/ Sequestration of the Rector of Peldon

ID: PH01_SEQ / Elaine Barker
TitleSequestration of the Rector of Peldon
AbstractSequestration of The Reverend John Cornelius, Peldon's Rector, During the Civil War in 1643

[ Sequestration - the removal from his rectory and living and his goods confiscated ]

Political and religious conflicts between the supporters of King Charles I and Parliamentarians led to the English Civil War which lasted from 1642 to 1651.

It is considered by historians to be a series of three Civil Wars, the first between 1642 and 48, the second 1648-9 and the third after the execution of Charles I from 1649 - 1651. During the Wars the principal battles were Edghill, Naseby and Marston Moor but these were only a part of this bitter conflict between the two sides, popularly called the Cavaliers (Royalists) and Roundheads (Parliamentarians).

Towns such as Hull and Gloucester were besieged during the wars and locally, in 1648, Colchester was subjected to an eleven-week siege. The town, generally supporting Parliament, was used as a bolt-hole by the Royalists. The town gates were closed and the Royalists occupied the town while the Parliamentarian forces camped round the town, shelling those trapped inside and not allowing anyone out or food and supplies in. Evidence of the bombardment still stands including the church tower of St Mary at the Walls, in its vulnerable position by the Roman wall, partially rebuilt after the siege, and the musket bullet holes in the Siege House at the bottom of East Hill.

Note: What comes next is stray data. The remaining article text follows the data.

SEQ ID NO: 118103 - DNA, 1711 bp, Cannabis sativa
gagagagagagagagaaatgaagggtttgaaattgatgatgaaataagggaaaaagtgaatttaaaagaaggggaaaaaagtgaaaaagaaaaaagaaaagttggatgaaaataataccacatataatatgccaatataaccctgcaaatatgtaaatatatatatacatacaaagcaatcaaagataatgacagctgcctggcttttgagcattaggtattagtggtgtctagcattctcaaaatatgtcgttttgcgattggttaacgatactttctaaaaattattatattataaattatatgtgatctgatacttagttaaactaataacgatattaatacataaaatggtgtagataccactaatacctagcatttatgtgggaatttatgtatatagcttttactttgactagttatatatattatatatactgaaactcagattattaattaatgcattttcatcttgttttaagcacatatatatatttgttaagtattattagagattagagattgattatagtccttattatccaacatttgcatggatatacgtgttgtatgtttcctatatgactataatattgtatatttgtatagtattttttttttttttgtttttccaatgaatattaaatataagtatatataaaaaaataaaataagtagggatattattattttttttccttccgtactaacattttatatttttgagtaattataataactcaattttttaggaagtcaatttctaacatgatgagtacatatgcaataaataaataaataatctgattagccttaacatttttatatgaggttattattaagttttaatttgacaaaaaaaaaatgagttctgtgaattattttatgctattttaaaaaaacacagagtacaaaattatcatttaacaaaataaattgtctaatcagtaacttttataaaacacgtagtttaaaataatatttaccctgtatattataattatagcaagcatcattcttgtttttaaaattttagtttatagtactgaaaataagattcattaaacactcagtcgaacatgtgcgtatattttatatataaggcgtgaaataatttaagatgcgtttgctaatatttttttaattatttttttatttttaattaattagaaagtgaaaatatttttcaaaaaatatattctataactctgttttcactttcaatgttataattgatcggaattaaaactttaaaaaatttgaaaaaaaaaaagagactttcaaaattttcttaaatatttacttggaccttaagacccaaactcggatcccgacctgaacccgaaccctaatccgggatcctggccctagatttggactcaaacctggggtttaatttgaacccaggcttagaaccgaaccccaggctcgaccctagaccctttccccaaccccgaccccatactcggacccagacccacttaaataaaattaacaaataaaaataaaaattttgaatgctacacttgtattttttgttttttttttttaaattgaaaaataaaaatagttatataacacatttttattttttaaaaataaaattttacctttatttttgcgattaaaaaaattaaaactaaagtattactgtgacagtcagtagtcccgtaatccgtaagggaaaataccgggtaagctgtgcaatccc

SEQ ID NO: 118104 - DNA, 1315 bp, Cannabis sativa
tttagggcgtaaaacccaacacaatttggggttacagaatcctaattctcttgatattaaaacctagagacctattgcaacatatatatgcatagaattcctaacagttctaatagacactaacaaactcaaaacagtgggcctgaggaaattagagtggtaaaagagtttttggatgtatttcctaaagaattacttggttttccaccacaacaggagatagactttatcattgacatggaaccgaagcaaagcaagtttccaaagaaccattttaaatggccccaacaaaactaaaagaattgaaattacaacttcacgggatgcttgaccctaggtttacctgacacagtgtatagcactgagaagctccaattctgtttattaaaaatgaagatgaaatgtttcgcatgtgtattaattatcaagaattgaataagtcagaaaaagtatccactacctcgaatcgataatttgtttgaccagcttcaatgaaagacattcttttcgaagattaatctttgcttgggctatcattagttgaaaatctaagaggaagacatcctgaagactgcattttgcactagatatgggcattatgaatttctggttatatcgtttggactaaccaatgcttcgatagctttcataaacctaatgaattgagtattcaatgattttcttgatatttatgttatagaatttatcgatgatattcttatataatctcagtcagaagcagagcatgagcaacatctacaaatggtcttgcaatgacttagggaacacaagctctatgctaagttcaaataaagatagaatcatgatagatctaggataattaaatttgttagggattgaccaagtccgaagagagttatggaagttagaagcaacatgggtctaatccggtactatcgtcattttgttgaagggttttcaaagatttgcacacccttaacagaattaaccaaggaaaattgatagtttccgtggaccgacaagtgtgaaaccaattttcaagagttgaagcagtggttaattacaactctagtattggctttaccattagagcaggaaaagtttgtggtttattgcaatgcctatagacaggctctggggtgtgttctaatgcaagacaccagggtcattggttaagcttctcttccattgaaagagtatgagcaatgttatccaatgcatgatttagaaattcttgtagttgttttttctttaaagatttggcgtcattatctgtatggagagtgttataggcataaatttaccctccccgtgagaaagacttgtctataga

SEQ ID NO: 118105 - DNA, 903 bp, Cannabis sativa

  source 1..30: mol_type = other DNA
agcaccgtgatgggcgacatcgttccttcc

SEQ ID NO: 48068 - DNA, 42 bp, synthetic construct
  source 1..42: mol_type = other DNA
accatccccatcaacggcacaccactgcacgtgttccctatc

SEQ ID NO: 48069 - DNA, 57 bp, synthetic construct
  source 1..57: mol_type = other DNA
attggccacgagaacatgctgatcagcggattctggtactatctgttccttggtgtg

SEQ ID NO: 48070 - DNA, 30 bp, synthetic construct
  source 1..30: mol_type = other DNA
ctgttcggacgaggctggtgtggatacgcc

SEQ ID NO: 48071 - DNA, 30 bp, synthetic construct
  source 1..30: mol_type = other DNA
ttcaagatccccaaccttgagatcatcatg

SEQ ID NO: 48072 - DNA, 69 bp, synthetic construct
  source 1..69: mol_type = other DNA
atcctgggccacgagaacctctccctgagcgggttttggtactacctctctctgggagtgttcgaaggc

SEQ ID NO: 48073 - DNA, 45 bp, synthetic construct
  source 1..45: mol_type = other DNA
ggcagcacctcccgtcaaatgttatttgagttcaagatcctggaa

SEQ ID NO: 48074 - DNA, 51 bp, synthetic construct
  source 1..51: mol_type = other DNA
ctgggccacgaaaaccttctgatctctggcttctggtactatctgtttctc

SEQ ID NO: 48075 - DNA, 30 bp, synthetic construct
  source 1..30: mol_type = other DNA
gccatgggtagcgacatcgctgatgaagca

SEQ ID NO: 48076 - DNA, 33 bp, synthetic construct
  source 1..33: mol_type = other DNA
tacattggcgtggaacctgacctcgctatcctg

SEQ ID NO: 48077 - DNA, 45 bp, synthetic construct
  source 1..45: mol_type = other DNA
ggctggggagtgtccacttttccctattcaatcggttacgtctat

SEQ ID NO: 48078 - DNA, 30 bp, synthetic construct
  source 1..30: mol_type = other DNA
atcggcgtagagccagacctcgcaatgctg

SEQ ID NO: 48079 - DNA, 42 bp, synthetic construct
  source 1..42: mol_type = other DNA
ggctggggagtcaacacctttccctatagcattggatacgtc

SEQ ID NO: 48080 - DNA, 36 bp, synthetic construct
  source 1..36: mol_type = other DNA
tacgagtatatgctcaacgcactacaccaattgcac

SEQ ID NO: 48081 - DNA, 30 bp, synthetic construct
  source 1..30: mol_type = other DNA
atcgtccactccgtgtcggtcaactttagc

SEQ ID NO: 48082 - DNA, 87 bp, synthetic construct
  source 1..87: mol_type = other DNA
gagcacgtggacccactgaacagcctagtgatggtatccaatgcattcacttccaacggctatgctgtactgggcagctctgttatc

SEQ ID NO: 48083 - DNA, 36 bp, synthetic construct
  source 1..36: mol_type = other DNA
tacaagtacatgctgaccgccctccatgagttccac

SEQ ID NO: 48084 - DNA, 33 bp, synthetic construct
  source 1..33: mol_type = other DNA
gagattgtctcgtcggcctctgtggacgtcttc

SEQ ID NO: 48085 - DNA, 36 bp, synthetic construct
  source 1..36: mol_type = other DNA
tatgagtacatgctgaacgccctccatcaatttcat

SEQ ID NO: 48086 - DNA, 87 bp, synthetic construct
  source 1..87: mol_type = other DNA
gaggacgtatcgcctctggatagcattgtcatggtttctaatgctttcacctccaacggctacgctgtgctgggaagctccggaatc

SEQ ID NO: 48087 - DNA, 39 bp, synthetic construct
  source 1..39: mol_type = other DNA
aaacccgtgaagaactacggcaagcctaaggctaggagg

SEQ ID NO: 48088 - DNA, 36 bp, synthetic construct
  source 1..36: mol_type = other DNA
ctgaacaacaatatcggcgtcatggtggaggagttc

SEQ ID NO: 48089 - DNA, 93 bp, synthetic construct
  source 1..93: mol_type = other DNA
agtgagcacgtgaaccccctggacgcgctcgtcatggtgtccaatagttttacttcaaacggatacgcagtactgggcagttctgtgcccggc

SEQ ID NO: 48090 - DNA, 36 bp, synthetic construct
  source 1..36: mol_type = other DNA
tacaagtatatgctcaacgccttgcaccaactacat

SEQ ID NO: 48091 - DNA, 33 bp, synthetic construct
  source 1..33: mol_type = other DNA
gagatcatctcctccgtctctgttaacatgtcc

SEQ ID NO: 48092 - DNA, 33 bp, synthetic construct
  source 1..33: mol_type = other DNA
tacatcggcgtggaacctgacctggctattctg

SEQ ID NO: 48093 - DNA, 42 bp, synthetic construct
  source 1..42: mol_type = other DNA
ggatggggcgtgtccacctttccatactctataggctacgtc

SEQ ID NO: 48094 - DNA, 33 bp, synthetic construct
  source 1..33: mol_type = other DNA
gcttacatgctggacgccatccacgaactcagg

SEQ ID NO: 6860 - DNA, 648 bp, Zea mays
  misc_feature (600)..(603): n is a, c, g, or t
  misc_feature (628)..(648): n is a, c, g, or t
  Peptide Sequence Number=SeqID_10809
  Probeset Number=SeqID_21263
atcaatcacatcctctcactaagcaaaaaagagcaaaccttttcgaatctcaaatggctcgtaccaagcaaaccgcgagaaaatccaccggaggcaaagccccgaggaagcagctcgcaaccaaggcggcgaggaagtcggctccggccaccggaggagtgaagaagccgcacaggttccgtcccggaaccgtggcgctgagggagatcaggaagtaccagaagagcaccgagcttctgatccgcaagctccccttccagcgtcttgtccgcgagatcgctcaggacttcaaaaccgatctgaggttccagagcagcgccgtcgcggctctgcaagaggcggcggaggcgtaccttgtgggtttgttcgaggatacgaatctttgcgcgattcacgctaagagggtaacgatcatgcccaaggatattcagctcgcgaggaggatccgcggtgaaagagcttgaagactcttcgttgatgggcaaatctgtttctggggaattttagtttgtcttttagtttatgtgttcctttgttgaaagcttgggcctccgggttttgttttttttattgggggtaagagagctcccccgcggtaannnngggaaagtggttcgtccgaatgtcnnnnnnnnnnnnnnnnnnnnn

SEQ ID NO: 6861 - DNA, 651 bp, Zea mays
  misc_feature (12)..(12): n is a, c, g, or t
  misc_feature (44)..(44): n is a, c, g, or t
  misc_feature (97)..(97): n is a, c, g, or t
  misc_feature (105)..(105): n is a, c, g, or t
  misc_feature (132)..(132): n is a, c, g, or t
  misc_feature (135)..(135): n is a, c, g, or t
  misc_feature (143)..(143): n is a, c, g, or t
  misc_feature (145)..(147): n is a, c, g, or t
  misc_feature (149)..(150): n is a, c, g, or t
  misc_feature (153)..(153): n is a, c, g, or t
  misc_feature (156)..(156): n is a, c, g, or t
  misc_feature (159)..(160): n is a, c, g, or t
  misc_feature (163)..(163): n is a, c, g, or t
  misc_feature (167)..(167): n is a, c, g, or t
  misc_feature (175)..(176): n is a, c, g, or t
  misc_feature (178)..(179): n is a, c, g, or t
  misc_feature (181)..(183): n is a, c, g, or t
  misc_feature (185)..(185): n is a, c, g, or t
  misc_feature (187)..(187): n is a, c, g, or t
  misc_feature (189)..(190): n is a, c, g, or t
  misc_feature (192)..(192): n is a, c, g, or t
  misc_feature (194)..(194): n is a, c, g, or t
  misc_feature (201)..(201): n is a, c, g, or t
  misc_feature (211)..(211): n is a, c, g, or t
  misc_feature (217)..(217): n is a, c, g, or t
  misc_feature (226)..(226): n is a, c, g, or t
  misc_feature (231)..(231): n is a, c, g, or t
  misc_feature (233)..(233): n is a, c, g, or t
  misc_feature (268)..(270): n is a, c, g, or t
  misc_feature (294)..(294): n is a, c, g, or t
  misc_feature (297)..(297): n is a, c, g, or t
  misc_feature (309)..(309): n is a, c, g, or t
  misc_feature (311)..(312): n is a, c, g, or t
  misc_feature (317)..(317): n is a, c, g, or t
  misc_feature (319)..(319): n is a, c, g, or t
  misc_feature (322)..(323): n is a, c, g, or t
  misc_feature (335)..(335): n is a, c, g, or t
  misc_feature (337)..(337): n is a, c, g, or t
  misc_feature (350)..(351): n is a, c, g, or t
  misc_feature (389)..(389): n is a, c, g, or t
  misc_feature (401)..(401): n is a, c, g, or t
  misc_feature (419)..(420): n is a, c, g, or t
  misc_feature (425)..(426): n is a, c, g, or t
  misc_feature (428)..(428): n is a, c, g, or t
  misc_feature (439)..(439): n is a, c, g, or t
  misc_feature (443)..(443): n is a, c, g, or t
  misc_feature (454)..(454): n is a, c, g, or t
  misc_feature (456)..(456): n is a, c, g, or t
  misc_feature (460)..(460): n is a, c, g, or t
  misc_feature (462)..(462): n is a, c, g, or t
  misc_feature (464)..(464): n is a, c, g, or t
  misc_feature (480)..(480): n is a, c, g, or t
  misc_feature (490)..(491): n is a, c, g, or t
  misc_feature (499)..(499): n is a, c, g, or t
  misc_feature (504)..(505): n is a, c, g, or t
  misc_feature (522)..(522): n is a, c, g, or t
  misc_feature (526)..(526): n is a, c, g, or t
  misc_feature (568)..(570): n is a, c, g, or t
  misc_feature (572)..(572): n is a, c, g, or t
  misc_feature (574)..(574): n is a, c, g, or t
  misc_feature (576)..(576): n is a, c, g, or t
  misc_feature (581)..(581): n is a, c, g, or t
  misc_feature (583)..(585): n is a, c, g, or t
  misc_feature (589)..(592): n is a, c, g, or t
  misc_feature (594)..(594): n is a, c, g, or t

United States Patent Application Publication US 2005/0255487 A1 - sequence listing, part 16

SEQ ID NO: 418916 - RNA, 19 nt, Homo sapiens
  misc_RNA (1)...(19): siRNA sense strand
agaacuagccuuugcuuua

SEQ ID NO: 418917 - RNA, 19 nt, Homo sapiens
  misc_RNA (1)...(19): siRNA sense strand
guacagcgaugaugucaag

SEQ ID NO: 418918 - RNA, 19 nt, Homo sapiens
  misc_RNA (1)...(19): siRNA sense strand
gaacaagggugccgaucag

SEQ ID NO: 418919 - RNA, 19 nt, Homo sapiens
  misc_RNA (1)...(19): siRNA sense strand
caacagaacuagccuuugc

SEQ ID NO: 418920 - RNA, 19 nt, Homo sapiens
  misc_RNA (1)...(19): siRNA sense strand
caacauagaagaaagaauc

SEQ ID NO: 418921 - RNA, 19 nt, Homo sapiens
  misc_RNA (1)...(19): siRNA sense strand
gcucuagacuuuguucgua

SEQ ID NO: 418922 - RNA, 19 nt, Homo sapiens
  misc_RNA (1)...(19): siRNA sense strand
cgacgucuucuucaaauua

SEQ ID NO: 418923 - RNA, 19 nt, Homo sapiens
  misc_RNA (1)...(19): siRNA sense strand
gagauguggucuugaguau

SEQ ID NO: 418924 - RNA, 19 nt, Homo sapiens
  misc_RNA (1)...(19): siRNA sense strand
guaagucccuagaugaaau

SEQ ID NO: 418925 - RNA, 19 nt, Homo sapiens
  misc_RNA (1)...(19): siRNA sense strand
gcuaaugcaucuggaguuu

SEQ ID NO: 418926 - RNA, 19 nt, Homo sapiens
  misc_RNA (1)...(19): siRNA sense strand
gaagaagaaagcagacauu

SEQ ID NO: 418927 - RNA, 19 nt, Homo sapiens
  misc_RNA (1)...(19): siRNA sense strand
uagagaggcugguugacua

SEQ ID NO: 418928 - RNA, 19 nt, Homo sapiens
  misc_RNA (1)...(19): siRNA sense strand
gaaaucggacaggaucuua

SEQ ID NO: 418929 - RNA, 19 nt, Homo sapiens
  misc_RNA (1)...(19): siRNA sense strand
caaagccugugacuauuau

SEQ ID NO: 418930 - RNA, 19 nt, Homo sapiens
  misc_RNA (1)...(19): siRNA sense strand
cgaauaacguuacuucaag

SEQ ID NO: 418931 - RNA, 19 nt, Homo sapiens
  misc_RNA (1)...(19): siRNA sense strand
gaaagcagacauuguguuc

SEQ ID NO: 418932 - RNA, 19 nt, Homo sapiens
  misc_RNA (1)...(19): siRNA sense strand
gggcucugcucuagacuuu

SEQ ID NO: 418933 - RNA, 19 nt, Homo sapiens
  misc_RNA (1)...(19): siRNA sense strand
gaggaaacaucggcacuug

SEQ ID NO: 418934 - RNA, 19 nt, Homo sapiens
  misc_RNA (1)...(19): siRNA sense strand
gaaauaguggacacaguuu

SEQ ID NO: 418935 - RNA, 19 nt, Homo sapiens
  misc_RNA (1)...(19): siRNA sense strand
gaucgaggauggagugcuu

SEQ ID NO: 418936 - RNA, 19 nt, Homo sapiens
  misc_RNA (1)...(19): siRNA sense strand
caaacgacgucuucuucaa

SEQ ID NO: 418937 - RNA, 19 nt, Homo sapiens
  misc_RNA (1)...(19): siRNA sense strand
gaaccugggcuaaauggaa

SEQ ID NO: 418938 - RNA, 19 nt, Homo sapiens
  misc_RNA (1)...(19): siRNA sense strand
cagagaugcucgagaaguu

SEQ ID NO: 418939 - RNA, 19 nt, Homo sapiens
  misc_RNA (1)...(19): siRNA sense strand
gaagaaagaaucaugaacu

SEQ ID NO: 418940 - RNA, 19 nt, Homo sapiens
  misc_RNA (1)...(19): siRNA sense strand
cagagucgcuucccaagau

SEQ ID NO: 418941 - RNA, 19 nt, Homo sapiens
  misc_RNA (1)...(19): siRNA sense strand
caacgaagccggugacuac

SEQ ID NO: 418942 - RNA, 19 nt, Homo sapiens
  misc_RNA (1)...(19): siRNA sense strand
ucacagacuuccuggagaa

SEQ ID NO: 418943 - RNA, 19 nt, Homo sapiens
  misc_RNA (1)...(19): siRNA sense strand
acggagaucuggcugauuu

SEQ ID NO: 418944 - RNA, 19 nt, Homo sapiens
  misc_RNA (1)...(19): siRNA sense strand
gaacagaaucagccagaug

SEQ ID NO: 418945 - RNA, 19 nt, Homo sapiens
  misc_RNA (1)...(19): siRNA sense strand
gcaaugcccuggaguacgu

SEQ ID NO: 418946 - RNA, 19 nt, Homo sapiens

King Charles I, who came to the throne in 1625, believed in the Divine Right of Kings, refusing to listen to his Parliament and ruling without calling them from 1629 -1640. He instituted additional taxes, needing finance for his expensive lifestyle; most famously he tried to extend his Ship Tax to inland towns whereas it had been traditionally levied on coastal areas. This was a tax he levied without Parliament's approval and it had hitherto only been collected in times of emergency. From 1635 he collected this tax annually.

When Charles was finally tried and sentenced to death (he was executed in 1649) he was found guilty of attempting

a wicked design to erect and uphold in himself an unlimited and tyrannical power to rule according to his Will, and to overthrow the Rights and Liberties of the People.

He had

traitorously and maliciously levied war against the present Parliament and the people therein represented

He was condemned as a Tyrant, Traitor, Murderer, and a public and implacable Enemy to the Commonwealth of England. Historic Royal Speeches and Writings www.royal.uk